Now I follow a path that hugs the shoreline, overgrown with trees, part of a circular nature trail. I can’t see far ahead and I’m not sure where I am. I am beginning to feel very fed up, when I suddenly find myself at the end of a narrow lane. This is the village of Maidencombe and there is a pub here.
It is 3 pm. My cream tea ‘lunch’ seems a long time ago. I stop at the pub and eat a proper meal – a goat’s cheese tart with salad – and a glass of cider.
After this, I feel much better. I check my map and realise there is little prospect of reaching my hotel on the southern side of Torquay today.
Between Maidencombe and Watcombe, you can’t follow the coast. When I leave the pub, I walk up a very steep road (marked with two chevrons on the map) for a short distance, and then signs point me along a gentle track that winds through farmyard.
After that, I walk through lovely woods and really enjoy this section.
I come to a quiet road and there is a young family struggling up the road, presumably coming home from the beach. I think this must be Watcombe beach, but there are no signs telling me where I am. A young girl throws herself on the tarmac and wails ‘I’m not walking no more.’ Her father has to pick her up and carry her. I know how she feels.
The footpath crosses over the road, and I carry on, walking through an old forest with very large trees forming a dense green canopy overhead, and rich red soil beneath my feet. The light is dim. And it is very quiet. The only noise I can here is bird song. Fantastic.
After a while, I begin to meet a few other walkers, mainly men with dogs, and know I must be nearing Torbay. Here the path seems to come to an abrupt dead-end (I find out why the next day). But through a gap in the trees I have a good view of Long Quarry Point, with Black Head beyond and the finger of Hope’s Ness reaching out to the island Ore Stone rock.
Then I find myself on a road. I am in the St Marychurch area on the north side of Torquay. I am tired and have had enough walking for today. A man with a dog points me to the nearest bus stop.
Distance travelled = 9 miles.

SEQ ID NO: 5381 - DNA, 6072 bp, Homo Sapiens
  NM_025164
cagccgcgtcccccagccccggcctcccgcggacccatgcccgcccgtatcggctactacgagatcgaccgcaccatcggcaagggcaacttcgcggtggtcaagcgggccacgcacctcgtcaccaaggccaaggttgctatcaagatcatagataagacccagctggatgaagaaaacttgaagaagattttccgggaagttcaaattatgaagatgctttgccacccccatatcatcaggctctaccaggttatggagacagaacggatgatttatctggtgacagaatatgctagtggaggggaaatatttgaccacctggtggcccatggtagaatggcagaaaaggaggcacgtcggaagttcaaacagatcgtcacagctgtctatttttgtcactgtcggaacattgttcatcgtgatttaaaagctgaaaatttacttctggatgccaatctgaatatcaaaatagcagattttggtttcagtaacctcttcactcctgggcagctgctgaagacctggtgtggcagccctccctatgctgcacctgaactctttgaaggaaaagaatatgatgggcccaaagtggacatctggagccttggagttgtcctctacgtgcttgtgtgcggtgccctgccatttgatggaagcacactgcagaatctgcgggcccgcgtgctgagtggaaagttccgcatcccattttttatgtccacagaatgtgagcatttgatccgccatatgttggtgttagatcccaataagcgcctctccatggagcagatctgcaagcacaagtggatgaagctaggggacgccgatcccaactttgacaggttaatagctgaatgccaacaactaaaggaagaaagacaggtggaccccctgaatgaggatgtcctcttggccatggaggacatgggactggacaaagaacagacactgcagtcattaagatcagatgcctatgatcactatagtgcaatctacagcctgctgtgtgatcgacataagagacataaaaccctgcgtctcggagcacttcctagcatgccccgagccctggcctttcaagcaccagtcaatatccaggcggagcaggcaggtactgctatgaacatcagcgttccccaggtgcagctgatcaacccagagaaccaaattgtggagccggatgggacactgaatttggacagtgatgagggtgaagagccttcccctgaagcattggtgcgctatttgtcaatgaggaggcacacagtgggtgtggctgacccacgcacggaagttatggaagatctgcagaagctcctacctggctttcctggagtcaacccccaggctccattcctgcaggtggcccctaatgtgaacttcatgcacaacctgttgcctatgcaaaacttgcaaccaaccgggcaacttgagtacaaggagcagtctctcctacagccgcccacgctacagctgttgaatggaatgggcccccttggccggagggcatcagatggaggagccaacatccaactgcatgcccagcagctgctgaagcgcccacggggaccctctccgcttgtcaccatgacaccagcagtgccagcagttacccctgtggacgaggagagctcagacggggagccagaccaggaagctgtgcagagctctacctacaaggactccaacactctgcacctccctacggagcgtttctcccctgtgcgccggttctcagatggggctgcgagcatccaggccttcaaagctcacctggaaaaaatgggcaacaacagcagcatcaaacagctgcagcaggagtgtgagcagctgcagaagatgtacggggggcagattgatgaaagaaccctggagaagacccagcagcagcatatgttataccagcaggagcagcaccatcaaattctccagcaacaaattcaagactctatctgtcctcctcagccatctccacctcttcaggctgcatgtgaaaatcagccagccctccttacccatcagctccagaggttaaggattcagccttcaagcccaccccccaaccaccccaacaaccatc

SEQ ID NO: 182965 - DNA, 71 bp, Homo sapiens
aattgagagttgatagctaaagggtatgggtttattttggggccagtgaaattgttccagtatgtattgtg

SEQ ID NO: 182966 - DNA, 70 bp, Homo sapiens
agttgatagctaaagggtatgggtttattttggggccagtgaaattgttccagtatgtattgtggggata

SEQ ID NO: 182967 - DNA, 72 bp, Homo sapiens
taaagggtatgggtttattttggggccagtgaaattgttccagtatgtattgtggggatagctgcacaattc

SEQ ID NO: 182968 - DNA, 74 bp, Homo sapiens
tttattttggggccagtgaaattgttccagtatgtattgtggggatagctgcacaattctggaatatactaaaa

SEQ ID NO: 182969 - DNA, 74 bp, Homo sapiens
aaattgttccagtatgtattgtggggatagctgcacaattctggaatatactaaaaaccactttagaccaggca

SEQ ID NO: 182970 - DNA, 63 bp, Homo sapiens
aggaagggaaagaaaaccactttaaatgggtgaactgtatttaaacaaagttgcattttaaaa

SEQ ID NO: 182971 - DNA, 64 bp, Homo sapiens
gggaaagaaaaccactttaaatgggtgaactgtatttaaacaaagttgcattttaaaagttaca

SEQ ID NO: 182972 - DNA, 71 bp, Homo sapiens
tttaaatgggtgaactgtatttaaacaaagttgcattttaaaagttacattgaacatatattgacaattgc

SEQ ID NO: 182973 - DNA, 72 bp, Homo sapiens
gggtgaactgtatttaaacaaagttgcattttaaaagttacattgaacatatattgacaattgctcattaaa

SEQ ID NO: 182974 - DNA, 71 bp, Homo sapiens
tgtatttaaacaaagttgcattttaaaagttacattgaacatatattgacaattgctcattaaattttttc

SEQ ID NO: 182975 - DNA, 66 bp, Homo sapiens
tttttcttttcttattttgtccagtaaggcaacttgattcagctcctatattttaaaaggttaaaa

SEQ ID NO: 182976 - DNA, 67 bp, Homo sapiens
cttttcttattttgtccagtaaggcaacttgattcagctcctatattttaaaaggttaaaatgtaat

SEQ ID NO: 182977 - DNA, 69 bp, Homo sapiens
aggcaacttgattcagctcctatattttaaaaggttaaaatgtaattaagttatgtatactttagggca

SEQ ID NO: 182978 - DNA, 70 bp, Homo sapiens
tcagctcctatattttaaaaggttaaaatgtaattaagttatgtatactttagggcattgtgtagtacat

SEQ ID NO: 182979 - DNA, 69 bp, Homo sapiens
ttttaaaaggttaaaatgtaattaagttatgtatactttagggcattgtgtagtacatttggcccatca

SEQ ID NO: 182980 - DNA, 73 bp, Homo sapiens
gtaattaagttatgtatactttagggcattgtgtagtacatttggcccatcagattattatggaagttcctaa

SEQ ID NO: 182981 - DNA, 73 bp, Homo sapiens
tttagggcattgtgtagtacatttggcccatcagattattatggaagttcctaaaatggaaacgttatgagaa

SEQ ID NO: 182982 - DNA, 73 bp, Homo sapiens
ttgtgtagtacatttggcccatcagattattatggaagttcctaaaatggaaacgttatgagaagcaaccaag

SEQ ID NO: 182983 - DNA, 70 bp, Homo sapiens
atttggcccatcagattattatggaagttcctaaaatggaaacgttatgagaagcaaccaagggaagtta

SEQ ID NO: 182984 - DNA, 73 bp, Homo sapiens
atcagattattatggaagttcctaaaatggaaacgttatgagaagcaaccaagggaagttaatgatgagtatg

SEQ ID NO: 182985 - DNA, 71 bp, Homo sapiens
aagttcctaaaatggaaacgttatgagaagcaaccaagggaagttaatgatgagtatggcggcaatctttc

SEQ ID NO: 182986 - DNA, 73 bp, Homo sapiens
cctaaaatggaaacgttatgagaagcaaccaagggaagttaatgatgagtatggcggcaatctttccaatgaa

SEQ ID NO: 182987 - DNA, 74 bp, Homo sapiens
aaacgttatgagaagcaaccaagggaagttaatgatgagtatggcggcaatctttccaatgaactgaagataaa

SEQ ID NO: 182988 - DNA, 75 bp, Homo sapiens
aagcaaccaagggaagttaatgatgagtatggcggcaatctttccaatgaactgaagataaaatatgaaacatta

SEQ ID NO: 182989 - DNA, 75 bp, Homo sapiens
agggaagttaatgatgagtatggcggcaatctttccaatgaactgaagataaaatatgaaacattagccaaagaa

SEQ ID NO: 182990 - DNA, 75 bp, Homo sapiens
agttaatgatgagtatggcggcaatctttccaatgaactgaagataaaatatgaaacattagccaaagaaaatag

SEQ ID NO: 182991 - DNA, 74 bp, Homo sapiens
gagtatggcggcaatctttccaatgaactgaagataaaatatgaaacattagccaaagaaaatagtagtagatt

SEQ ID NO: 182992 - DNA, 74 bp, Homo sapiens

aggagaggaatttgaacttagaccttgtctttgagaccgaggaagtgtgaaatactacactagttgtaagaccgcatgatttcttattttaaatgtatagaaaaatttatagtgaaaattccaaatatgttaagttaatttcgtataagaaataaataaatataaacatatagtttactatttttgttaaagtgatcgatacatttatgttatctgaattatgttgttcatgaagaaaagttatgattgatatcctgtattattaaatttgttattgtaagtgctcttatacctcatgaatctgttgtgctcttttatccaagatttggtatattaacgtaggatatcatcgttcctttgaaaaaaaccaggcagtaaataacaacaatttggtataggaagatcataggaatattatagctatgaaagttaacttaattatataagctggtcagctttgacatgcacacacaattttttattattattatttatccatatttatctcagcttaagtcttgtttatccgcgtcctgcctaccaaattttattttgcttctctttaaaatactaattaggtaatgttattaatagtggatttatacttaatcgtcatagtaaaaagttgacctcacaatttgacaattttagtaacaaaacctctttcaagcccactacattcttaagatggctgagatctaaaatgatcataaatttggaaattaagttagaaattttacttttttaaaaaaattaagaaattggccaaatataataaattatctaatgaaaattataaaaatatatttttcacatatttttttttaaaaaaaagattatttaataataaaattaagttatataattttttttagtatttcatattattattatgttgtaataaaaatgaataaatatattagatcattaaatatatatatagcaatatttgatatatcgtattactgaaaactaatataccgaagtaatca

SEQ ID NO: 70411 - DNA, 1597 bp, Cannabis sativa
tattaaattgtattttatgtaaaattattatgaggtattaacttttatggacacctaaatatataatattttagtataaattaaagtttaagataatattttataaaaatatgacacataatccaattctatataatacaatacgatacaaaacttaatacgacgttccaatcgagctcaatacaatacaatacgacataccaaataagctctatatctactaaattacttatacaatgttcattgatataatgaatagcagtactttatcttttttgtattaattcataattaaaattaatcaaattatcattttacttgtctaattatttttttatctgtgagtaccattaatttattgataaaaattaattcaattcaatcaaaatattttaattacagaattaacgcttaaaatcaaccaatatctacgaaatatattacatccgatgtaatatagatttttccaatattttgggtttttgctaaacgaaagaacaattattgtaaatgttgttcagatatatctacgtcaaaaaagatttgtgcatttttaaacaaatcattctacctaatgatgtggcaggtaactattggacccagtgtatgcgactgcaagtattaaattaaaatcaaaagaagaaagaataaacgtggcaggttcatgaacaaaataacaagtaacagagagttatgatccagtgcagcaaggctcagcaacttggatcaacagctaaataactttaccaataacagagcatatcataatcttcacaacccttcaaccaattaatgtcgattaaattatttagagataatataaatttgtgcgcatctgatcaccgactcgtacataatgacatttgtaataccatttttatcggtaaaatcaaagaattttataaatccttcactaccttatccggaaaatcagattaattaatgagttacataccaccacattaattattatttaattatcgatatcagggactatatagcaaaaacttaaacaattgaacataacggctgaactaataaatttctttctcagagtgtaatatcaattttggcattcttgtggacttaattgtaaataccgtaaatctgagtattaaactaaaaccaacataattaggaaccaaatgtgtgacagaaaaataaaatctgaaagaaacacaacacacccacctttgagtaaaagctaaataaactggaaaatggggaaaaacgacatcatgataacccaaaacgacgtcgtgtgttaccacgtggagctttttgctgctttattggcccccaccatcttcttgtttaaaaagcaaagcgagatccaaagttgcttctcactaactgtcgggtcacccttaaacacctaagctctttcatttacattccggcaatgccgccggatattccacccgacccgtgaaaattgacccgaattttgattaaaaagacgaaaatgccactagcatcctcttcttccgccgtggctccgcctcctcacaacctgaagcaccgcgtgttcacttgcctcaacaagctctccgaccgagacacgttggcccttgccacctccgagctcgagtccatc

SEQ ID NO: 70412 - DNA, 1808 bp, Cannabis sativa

Terrain = strenuous.
Torquay and public transport, a mild rant:
I came down to Torbay by train. Now, I very much liked Torquay, but I don’t think the local authority has properly grasped how useful it is for visitors to have easy access to public transport.
- The wonderful little station at Torquay is not served (as far as I could work out) by a public bus. In other words, if you arrive in Torbay by train, there are no buses to take you onwards. You have to use a taxi or walk.
- The Torbay Council website does provide a map of bus routes, but this involves downloading a massive 6MB PDF file (not easy for a visitor who may not have access to WiFi and may only have a smart phone display to look at)
- After you download the 6 MB map, you will find it consists of thick coloured lines drawn in a schematic way (like a London tube map). This means there is no easy way to work out where on earth the bus stops actually are. I spent at least an hour with my iPad, flicking between a Google street map and the schematic bus map before I gave up trying to work it out.
- There are no route maps on the bus stops, only bus numbers. So you can’t tell where the bus is going. The bus stops I used had no individual names displayed, making it difficult to return to the same stop.
- Needless to say, there are no electronic notice boards telling you when the next bus is due to arrive.
- When I asked where the bus station was, everyone kept telling me ‘All the buses stop at The Strand.’ No bus route on the map mentioned ‘The Strand’, which is a 100 yard stretch of road near the marina, and not the official bus station at all, though clearly local people regard it as the equivalent of a bus station.
- And finally, of course, when you approach someone in the street and ask for help finding the right bus stop, the chances are you end up talking to a tourist and they are just as lost as you are.
So, all in all, using public transport was a challenge in Torquay!